“We’ve recognized for a long time that SMBs would benefit from pull print capabilities, but it’s been challenging from a technology standpoint to do so in a secure way,” Wingate said.
By making it a free applet that works with HP’s secure cloud, the company hopes to make it a common feature even well into SMB. The technology sends print jobs to HP’s cloud, and stores it there for up to three days awaiting the user printing it.
The company also introduced a series of technologies to help make sure that print is on an equal footing with PCs and servers when it comes to security policy, management, monitoring and reporting. It introduced version 2.1 of its Imaging and Printing Security Center software, which manages and automates company-wide security policies across a customer’s HP print fleet. The new version adds support for automatically managing and provisioning security certifications throughout the business. While the tool has been available for a while – as witnessed by the 2.1 versioning – the new focus on print security means HP sees it taking on a higher profile.
“This is the same easy and consistent control they’re used to with the PC environment,” Wingate said. “It means there are no more excuses for not having a solid print security policy.”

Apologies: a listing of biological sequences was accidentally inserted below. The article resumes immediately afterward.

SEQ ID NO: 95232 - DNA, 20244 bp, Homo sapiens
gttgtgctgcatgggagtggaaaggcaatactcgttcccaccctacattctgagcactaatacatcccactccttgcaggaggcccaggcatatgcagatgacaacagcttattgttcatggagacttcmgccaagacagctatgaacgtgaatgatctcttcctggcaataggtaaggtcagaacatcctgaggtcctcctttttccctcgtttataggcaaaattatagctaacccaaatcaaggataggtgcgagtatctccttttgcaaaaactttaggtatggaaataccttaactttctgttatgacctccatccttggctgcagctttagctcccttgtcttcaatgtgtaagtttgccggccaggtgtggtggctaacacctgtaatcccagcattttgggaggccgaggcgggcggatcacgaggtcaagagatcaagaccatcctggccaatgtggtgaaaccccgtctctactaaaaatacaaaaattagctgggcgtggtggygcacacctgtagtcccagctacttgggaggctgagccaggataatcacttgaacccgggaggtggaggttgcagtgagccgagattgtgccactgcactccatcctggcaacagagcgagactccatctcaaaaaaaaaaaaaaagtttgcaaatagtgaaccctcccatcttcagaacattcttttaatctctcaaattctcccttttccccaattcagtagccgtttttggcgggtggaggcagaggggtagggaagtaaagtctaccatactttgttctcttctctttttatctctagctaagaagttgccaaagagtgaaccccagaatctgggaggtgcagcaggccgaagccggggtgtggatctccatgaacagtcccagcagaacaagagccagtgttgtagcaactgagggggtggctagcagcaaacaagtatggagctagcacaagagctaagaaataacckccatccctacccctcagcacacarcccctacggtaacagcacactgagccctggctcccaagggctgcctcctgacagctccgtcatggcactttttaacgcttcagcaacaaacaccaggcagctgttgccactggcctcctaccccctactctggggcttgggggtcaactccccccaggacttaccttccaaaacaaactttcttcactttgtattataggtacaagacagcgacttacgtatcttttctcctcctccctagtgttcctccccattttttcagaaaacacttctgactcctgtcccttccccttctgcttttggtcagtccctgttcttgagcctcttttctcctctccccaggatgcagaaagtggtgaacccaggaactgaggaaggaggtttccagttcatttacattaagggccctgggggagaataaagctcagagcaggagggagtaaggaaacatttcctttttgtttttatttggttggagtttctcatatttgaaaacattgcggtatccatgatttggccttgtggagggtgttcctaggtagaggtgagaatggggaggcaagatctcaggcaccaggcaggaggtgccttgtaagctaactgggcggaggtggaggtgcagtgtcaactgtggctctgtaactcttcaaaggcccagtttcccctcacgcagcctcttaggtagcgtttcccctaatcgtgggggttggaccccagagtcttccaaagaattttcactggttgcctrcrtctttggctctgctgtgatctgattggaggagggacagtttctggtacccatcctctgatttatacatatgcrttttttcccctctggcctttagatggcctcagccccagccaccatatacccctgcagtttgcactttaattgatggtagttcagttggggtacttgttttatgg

The products is sold through the channel, and while it’s an on-premises tool today which may be less than optimal for some managed print service providers, Wingate suggested it’s still a valuable tool for MPSPs, because it allows them to add a print-centric managed security policy to their value proposition.
“It lets them go to their customers and say ‘I am managing your print and MFP infrastructure, making sure it stays up and running. Would you like me to make sure it’s secured?’” he said.
The company is rolling out training for its managed print partners to do just that, and Wingate said it will focus on building out security awareness, and built-in security within its managed print channel in the near future.